Leanne (UK): My IVF Hart: The struggle of being a step mum
I wouldn’t consider myself someone that has always dreamed of children, but I have also not been one to decide it will never be for me. My focus in younger years was always around my career, caring for my family and my friends. So as time went on (and several failed relationships later), I started to think that maybe it just wouldn’t happen for me. Then I met my now-husband and my decision about children took a massive turn… I wanted a baby and I wanted one with this man. So at 27, I thought it was sure to happen, wasn’t it?!
Like most of us, my husband came with baggage. Unfortunately, his was an ex-wife and a vasectomy. Yep, there we go, that decision I made in my head had been shattered. The vasectomy was supposed to be a marriage saver, just a short two months later it all dissolved and he was left feeling a ‘broken man’. He thought that no one would want him: a 29 year old with no future to offer. But for me, there was no way I was letting this man go: he was the one for me.
Along with the bad news, he also brought with him three children. This could be the saviour, surely? It was not; it didn’t take long for the ex-wife to cause arguments and trouble, so much so that we ended up not seeing the children for six months. This is not how I had expected parenthood to be, even as a step-mum. I was now longing for my own.
Not long after we shared the news of our pasts and what future we wanted (I was pleased to hear he did actually want more children and he did indeed regret the snip), we decided to take some steps. A reversal was on the cards and he had already been looking into it. We thought this would work out just fine. He was young, it had only been two years since the op, surely we would be ok! We got a loan and booked it in. The op went well, the tubes had been mended – hurray! Then came the first of many semen analyses: poor count and 89% antibodies on the tails. Not too disheartened, we decided to try to conceive naturally for two years without luck. We needed a helping hand. Following more semen analyses, several blood tests and consultations, it was then determined that we would need IVF/ICSI to help us on the way.
Whilst we made decisions and finally regained access to my partner's children again, it seemed the ex-wife was making her own too. She was pregnant. This was so hard to deal with, as the children were so excited at the concept of having a baby sister or brother. This led to them wishing for us to have one too. Holding back gulps in the back of my throat, I explained to them that it is not our time right now and that they should enjoy the new addition to their mum's house. Then I felt like we were letting so many people down by not being able to produce a baby. I felt anger towards my partner’s ex-wife and even stopped going to collect the children with my partner. I simply could not face her; I blamed her for this mess.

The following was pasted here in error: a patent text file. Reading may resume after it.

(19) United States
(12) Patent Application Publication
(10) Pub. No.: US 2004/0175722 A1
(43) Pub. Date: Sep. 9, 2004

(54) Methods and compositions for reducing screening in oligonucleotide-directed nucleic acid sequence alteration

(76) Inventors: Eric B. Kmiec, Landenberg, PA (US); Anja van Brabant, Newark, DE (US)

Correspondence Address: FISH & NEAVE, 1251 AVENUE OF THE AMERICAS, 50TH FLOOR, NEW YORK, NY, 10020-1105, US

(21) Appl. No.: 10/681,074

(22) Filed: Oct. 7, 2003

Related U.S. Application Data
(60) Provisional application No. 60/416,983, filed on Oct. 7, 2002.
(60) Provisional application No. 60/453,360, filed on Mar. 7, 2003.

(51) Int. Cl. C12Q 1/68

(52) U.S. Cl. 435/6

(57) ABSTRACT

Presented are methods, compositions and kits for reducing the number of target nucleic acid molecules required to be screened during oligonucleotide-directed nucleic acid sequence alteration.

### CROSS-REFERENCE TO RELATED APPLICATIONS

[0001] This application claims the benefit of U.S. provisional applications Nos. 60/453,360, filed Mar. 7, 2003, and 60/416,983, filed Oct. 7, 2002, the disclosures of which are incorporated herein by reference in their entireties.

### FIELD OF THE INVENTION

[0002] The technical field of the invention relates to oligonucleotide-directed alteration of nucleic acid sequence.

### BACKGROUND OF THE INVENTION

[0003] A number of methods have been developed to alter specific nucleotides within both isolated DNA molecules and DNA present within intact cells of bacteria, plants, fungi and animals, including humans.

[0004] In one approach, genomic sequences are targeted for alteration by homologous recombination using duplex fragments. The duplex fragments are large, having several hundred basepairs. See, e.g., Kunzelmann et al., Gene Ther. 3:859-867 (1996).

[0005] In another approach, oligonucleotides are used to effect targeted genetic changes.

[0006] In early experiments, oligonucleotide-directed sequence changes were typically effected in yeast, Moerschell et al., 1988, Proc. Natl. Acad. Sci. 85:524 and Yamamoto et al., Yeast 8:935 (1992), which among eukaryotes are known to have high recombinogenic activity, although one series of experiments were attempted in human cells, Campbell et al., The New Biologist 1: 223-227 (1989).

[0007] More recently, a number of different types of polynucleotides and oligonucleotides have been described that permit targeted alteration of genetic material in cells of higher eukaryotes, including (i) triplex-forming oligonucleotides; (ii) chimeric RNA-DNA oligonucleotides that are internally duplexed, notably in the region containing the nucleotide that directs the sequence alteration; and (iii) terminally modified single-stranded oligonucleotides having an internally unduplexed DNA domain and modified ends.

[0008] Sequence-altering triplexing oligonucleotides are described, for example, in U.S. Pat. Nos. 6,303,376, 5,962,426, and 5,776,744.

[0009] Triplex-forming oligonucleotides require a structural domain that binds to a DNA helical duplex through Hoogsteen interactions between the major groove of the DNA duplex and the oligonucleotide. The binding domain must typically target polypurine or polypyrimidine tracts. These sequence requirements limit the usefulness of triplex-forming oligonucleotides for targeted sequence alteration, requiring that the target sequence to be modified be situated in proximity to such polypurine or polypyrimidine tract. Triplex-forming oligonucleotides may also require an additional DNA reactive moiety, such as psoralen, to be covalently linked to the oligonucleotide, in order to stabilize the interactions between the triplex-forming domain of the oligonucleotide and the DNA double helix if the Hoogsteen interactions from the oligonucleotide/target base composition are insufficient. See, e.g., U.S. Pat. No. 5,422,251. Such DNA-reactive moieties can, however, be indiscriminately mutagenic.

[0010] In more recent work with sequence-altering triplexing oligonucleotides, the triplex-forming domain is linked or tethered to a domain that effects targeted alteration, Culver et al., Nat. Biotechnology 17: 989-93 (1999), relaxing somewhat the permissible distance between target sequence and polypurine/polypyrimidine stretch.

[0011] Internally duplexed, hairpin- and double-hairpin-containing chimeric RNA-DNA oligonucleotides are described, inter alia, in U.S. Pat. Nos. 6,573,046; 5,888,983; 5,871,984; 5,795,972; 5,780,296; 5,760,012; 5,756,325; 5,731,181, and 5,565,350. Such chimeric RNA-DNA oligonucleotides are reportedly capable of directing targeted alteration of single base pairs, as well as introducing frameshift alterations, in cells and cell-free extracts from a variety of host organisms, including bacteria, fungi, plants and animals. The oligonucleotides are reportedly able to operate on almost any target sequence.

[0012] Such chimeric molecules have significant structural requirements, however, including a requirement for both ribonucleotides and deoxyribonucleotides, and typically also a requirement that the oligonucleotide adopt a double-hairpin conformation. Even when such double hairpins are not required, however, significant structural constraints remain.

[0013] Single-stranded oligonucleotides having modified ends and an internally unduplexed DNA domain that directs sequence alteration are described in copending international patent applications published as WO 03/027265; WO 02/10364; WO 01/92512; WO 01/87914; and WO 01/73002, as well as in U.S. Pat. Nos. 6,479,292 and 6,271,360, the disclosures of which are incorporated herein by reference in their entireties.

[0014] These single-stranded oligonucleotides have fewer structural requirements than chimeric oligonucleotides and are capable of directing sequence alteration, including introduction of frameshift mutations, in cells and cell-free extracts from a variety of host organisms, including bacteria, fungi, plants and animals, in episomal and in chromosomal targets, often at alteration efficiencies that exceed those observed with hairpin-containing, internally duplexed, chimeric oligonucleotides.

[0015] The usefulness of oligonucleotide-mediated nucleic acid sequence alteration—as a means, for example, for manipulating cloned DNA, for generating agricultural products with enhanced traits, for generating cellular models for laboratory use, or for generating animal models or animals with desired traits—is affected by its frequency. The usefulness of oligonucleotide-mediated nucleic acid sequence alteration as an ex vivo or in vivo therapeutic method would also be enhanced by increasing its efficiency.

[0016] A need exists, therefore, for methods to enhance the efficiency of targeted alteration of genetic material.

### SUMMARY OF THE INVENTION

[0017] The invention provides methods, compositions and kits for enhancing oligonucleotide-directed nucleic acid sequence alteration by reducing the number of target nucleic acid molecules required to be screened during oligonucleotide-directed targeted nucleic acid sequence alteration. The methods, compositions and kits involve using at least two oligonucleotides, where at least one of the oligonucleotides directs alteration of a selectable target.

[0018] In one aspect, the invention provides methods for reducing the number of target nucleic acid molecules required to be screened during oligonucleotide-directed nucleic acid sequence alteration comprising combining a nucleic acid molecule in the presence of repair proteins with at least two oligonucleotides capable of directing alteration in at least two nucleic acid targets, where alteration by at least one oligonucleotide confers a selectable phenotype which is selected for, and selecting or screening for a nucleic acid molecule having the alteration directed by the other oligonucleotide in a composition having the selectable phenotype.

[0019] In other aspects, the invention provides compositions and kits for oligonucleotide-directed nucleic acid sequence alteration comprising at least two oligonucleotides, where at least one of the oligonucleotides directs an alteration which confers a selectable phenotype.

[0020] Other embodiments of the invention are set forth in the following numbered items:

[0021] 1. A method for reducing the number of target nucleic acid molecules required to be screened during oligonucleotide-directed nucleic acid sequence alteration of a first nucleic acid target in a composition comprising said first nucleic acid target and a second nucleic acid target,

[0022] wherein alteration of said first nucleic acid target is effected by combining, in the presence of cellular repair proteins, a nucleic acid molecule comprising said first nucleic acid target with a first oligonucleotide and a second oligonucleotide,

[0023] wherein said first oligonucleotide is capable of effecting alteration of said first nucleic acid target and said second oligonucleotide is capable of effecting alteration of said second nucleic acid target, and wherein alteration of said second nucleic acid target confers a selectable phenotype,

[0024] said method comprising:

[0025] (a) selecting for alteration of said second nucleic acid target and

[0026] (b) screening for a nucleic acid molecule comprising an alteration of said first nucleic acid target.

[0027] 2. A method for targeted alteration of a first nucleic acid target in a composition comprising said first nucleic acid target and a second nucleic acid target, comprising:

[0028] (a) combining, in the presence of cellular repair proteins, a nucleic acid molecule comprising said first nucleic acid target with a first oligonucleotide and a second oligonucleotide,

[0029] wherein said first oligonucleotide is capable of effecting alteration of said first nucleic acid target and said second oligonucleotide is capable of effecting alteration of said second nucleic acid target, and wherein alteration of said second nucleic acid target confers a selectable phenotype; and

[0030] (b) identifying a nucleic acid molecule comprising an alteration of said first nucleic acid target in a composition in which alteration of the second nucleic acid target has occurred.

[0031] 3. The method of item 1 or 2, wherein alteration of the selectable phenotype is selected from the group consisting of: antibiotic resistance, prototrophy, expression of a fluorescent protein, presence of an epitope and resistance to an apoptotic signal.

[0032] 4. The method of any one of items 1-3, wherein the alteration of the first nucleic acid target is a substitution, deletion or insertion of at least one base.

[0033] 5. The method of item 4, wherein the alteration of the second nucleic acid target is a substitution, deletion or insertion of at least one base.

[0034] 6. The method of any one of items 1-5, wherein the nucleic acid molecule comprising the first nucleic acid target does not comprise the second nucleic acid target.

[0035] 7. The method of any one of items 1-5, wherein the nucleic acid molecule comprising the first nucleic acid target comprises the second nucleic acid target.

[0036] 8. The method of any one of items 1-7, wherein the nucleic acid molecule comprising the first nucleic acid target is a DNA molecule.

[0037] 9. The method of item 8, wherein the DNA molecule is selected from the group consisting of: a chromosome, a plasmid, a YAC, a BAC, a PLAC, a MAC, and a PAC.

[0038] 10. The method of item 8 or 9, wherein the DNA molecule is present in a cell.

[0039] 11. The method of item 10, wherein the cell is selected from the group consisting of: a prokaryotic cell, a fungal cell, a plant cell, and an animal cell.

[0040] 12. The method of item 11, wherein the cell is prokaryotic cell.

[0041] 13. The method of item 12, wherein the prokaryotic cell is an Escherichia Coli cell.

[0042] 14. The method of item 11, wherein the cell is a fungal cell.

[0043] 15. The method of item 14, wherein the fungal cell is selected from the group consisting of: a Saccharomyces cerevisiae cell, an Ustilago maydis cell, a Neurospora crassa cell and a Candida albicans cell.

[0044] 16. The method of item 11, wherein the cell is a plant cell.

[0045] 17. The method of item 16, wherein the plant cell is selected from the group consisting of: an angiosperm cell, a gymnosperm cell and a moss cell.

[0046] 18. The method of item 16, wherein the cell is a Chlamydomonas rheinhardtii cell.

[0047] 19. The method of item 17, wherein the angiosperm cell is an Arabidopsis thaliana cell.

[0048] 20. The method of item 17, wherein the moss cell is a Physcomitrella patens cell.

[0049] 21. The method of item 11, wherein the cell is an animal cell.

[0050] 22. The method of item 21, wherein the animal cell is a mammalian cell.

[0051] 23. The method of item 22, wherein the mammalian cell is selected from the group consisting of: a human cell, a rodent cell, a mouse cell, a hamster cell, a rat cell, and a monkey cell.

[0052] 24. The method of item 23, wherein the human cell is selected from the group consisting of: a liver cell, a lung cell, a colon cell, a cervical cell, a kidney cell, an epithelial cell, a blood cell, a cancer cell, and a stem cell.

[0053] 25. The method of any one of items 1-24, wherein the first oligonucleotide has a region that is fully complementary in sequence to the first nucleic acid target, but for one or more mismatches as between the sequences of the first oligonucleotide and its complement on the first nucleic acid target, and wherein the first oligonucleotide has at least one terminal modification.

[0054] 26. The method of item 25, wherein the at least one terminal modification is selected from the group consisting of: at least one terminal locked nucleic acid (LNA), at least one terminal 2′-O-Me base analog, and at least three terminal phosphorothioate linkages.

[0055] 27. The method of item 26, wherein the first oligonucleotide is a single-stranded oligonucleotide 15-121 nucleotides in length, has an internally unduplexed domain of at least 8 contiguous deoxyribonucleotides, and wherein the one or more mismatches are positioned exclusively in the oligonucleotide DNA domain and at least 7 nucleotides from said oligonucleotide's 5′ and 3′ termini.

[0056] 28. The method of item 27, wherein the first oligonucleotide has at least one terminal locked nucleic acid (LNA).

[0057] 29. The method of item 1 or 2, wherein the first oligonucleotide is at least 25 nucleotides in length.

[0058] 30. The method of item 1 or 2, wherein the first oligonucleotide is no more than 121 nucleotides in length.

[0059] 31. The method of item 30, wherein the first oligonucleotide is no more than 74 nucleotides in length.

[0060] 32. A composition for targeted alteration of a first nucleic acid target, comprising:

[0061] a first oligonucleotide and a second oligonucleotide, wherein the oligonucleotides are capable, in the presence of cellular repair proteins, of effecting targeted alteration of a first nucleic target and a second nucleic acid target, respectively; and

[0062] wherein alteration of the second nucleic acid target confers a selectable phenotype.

We decided to leave the B word for a while and focus on our bond again. Either way, we were a family, that was decided when we met. No way would this define us and rule our lives! We fought to see the children more and gained regular access; we would continue as this blended family. Three years on and feeling strong in our bond we married in a secret wedding that took six weeks to plan. Happiness was right here and we were ready to say the baby word again.
28th January 2018 was the go-live date: stims started and we were on our journey to have our own baby. Two weeks in and all was well until my husband woke up in pain. He had an infection in his epididymis tube and we would have to stop treatment. ‘Heartbroken’ is the only word I could use at this point. We were told to allow three to four months for new sperm to regenerate and start all over again from day one…
We are one month into that wait and coping. We still see the children regularly and build memories. As a step mum it makes it hard for me, as seeing them tugs at that side of me that wishes for my own. Mother’s day is really hard, they make cards for their mum and I sit in the back hoping that one day I will get the same. Being a step mum has not fixed our fertility battle (I thought it would); I wouldn’t even say it has been a plaster over it. It has been an extension of this journey we are in and continues to take.
The hate for a decision made long before has subsided and I look to the future whatever that may bring. I have learnt that you cannot control all of the paths – you can only control how you see the next direction. I see it as a need to spread as much positivity as possible and will take the next road as an egg sharer.